As an entree, we had shrimp, which in our part of the world are prawns, and hot chicken wings, the sauce is hot and served on the side.

The beer wasn’t bad either. Overall given atmosphere, service, and food, it’s a nine out of ten.

It was an excellent way to end the day.

Searching for locations: Toronto, Canada

The touristy things

On the way to the Hall of Fame, we found an ice skating rink

The Hockey hall of fame

The hockey hall of fame is a very large exhibition which would take a whole day to see everything.  We sat through a very informative history of the game and the origins of the NHL, which for people who do not have hockey as a sport in their country, is saying something.

We follow the Maple Leafs, coincidentally Toronto’s franchise in the NHL, and we have been here before for a game, which they lost.  It didn’t matter, I was staggered by the energy and enthusiasm both the players and the fans put into making it a memorable experience.

I’m hoping for a repeat experience.
St Lawrence Market

We walked 1.8 km to the market and it was closed which is about right for us as we have a knack for turning up and the place is closed, for instance, the Canadian club distillery in Windsor, Canada.

Perhaps tomorrow, before or after the game.
Red Lobster

Ok, we’ve been here before and it was beyond any expectations anyone could have for a restaurant chain.

This was no different from the last.

What more could you want, scallops, shrimp, and a fried lobster tail all drowned in a superb garlic butter sauce.

Add a side of mash potatoes, and a 20oz glass of beer, and there is the definition of heaven on a plate.
St Lawrence Market, again

Snowing, but not heavily

St Lawrence market, everything is very expensive, crab legs $120 per kg, lobster, $50 to $80 per kg.  Oddly everything is quoted per pound, and it’s a good thing that we can convert lbs to kg.

It is, to say the least, a disappointment.
Ice Hockey at the Scotiabank Arena

There was a definite buzz in the air, and heading towards the stadium was both us, and many other Toronto supporters.  Blue Maple Leaf jerseys were in abundance.

We’ve been before, and the last time the Leafs lost.

What else is new?

They have had a very good season so far, and are second on the ladder overall, so it was not without the expectation that they might win this one.


Never have an expectation.

They lost.


It was an incredible game that was none stop action.  It seems to me that you require a lot of skill and skating talent to play this game.  I certainly couldn’t, and freely admit that I’d probably last about five minutes.

The score didn’t reflect the play, but in the end, the Leafs lost 4 – 3, at the end of the three periods.
Souvenir hunting and other stuff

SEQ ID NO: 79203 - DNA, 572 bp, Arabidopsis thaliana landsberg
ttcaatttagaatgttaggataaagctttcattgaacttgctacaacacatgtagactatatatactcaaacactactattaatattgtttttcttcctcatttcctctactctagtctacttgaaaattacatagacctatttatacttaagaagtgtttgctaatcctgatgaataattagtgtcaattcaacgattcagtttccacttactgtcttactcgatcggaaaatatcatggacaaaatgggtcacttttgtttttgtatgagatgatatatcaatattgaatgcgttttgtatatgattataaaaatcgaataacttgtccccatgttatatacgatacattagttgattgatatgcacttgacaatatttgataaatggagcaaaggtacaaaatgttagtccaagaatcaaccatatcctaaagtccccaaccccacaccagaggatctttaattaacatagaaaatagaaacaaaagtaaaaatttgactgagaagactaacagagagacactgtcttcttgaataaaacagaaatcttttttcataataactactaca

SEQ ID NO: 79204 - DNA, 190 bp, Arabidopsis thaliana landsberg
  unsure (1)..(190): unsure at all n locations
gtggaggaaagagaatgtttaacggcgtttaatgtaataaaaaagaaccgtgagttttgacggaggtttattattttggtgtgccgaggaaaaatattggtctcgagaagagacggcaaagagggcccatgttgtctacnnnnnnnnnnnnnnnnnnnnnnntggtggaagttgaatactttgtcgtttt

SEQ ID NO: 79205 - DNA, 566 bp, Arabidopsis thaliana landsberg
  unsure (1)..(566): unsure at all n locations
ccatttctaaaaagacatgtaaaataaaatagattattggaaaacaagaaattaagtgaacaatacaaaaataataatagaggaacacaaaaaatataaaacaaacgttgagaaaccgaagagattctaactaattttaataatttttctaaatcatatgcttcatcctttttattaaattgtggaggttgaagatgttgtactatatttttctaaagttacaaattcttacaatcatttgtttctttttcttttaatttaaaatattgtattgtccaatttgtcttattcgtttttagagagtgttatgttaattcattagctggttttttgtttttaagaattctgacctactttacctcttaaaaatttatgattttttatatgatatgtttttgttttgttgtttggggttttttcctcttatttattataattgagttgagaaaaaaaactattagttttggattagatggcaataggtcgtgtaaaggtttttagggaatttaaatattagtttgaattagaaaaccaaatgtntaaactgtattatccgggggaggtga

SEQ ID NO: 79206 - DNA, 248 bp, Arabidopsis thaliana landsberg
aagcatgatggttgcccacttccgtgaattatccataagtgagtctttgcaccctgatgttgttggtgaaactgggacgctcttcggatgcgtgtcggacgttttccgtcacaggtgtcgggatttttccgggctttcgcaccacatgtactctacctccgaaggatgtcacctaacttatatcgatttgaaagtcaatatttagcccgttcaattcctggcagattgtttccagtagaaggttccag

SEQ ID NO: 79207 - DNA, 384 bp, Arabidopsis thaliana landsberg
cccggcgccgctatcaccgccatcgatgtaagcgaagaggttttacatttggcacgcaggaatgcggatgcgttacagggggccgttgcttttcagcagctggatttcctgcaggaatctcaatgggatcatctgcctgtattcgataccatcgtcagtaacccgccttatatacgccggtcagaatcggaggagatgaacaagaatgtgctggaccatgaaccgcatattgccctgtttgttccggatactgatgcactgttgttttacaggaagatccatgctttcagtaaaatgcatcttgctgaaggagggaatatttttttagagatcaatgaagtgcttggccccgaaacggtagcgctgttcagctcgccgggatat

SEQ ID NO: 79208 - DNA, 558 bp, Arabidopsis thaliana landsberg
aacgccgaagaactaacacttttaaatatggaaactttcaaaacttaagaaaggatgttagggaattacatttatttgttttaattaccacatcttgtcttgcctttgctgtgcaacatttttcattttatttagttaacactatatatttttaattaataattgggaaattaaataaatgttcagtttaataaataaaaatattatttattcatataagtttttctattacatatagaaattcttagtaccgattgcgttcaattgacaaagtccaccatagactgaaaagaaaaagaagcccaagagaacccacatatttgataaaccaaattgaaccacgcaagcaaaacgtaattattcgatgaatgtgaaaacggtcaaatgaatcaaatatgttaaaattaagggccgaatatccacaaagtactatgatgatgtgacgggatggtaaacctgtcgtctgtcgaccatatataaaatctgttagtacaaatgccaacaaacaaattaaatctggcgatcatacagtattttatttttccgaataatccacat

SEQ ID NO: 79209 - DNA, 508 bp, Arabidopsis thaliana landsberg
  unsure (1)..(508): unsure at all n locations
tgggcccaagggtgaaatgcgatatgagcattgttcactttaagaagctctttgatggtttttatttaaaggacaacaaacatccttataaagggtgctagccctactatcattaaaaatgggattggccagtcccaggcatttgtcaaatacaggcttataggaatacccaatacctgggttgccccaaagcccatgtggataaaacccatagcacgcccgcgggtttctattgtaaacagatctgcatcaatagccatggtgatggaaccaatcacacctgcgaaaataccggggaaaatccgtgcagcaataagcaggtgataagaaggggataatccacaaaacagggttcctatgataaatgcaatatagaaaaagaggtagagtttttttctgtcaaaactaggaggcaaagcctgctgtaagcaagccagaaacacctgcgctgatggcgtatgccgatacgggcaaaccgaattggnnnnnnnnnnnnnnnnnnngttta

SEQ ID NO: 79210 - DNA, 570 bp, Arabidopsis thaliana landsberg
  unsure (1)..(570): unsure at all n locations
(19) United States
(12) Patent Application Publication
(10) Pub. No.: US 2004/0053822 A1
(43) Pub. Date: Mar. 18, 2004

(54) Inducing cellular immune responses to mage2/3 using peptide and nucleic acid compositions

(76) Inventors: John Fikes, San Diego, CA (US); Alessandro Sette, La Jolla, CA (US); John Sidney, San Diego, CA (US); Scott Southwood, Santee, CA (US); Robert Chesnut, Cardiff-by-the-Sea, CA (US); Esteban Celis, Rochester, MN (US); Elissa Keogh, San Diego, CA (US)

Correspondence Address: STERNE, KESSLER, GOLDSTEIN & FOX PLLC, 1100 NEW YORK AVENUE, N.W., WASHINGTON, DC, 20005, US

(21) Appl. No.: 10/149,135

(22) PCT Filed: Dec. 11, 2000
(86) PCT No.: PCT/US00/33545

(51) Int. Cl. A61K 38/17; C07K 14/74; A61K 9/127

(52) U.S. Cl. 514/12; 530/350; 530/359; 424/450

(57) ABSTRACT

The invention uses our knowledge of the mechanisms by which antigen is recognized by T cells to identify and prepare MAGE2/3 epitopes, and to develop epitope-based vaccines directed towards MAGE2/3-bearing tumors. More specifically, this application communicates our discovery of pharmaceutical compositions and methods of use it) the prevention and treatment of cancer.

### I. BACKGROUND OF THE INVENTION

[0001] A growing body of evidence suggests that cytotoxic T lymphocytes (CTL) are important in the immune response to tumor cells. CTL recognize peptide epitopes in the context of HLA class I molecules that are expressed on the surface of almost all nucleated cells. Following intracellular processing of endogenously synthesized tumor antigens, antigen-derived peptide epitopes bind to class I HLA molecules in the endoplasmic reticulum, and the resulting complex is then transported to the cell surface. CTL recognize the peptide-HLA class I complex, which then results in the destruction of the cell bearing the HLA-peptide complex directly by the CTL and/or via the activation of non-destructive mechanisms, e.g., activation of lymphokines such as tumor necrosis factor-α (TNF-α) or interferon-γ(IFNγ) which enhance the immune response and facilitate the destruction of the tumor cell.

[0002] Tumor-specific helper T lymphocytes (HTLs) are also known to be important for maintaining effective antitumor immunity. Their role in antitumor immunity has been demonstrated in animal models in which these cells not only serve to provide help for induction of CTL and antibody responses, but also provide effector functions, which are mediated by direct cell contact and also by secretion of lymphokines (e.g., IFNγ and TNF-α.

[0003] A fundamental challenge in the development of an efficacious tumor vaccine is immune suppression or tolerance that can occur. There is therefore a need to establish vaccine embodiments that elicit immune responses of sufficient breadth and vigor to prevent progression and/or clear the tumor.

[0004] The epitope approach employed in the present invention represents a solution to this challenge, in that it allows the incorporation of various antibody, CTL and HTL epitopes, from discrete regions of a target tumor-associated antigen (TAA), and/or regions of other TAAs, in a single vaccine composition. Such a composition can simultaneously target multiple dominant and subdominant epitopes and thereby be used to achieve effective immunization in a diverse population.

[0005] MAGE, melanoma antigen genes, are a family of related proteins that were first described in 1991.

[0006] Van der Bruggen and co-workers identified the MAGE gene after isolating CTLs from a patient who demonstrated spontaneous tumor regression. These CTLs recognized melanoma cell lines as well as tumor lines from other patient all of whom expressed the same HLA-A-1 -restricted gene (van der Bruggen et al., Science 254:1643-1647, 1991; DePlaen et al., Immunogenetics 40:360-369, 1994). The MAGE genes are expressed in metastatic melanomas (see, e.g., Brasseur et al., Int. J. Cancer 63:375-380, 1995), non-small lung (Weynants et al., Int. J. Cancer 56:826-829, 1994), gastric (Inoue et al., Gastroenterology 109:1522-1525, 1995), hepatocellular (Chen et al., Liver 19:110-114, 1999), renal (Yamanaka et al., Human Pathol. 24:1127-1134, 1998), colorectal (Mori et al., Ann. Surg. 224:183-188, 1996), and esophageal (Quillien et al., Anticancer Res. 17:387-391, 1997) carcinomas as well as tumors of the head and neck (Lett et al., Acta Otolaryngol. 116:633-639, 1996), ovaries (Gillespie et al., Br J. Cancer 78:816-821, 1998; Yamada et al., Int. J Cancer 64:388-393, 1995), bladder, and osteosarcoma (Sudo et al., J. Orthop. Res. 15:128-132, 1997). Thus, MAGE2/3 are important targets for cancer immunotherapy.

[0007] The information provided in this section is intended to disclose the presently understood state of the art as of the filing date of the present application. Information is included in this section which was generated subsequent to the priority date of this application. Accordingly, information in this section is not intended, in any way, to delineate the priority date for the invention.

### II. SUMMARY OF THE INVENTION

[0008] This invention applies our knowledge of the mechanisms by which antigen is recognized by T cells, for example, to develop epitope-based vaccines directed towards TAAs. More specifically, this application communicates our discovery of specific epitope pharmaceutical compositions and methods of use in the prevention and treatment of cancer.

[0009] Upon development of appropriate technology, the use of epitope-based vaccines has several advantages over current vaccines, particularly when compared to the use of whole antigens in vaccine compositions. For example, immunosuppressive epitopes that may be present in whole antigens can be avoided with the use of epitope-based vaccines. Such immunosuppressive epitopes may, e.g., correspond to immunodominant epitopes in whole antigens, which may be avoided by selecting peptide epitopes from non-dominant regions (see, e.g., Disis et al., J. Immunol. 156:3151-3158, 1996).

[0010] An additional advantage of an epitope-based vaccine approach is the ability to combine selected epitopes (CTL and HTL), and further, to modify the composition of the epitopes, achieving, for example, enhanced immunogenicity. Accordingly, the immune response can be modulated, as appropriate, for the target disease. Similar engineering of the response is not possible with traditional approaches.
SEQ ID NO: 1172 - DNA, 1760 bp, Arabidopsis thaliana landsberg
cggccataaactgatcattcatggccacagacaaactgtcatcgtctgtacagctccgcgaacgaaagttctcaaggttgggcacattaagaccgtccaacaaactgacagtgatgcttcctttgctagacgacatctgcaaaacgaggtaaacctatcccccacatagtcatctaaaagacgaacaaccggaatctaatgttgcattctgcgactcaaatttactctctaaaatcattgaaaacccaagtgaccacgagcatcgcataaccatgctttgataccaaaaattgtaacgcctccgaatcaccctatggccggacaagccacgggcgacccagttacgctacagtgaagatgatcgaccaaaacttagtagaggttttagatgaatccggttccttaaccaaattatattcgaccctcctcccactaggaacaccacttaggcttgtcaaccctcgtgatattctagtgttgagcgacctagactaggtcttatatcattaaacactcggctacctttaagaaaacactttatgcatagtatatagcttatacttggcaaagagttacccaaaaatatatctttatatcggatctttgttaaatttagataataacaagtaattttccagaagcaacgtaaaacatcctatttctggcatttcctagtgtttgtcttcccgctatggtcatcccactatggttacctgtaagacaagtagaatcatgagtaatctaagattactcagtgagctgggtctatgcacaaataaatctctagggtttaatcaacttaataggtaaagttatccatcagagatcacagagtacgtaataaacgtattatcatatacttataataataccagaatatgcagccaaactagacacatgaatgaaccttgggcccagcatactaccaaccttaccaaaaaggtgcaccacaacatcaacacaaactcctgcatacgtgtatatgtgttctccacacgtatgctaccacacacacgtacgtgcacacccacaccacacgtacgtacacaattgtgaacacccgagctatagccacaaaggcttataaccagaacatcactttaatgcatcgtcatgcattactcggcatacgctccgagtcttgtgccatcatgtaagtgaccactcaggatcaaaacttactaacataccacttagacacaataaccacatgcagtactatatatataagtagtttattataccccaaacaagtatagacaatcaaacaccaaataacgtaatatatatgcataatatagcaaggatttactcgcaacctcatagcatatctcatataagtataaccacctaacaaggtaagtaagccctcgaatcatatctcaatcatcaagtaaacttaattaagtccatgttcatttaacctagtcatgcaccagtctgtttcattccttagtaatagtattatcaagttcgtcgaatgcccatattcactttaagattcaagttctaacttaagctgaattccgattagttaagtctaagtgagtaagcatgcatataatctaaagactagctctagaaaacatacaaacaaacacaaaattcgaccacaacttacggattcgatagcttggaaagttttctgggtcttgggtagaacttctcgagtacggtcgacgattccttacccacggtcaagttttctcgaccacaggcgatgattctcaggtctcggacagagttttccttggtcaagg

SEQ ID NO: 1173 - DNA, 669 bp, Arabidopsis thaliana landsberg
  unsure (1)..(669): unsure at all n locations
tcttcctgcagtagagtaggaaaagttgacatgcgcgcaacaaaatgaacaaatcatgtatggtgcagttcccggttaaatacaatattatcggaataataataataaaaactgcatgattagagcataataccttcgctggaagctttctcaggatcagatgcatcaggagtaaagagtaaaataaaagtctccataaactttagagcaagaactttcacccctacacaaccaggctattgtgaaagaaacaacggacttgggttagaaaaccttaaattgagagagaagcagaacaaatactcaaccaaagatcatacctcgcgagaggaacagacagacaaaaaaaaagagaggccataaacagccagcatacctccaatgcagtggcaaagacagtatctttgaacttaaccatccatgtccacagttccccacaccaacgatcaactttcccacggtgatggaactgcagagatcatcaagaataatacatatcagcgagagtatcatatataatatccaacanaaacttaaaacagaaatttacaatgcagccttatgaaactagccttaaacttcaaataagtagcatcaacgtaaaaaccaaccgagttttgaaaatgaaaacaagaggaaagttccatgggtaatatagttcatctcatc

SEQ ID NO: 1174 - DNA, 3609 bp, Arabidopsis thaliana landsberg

I woke tired and exhausted, not looking forward to walking around Toronto.

Got up early to do the walking.

Oh, did I tell you, this hotel has a laundry and it is the bugbear of staying in major hotels, not being able to wash clothes?

Breakfast is included, but it is the main meal of the day so we feast.  The selection is incredible.

We had to go back to the Maple Leafs franchise shop to exchange a Maple Leafs Jersey, which was no trouble.

So near to the CN tower, we go in to shop for souvenirs, of which there were plenty.  I liked the stuffed mooses and beavers.

We’ve been up the tower so it’s back to the Union Station and a short stay at upstairs, a little bar overlooking the Toronto Pearson train line.

Time for tasting some Canadian ales, the first a Mill Street tank house ale, the second a Mill Street hopped and confused.  Seriously, that’s what they were called.

The drinking mood music was old hits like Queen and a little bit of country and western.

good view of the trains, too.

Union Station

Like all main stations very large very tall ceilings and openings that lead to the tracks of which there are about 24, and an underground system

Much the same as all large railway terminals and probably far busier in times gone by.
Dining, but not necessarily dinner

Not far from the station, and opposite to clock tower belonging to the old city hall was a restaurant called Bannock.

There I had a Moosehead Cracked Canoe lager, a light ale, and a house special since 1929, a chicken pot pie, and it was very good.

Conversations with my cat – 80


This is Chester. We’re back watching the Maple Leafs.

This isn’t going to be pretty. While they have won a few in the last week or so they have also lost, and by large numbers.

I know this is a mistake watching it with Chester, the eternal pessimist, because his initial statement, ‘You know Anderson’s going to let you down again’ even before the match started, is a sign of things to come.

Yep. There it is 21 seconds into the game the other side scores.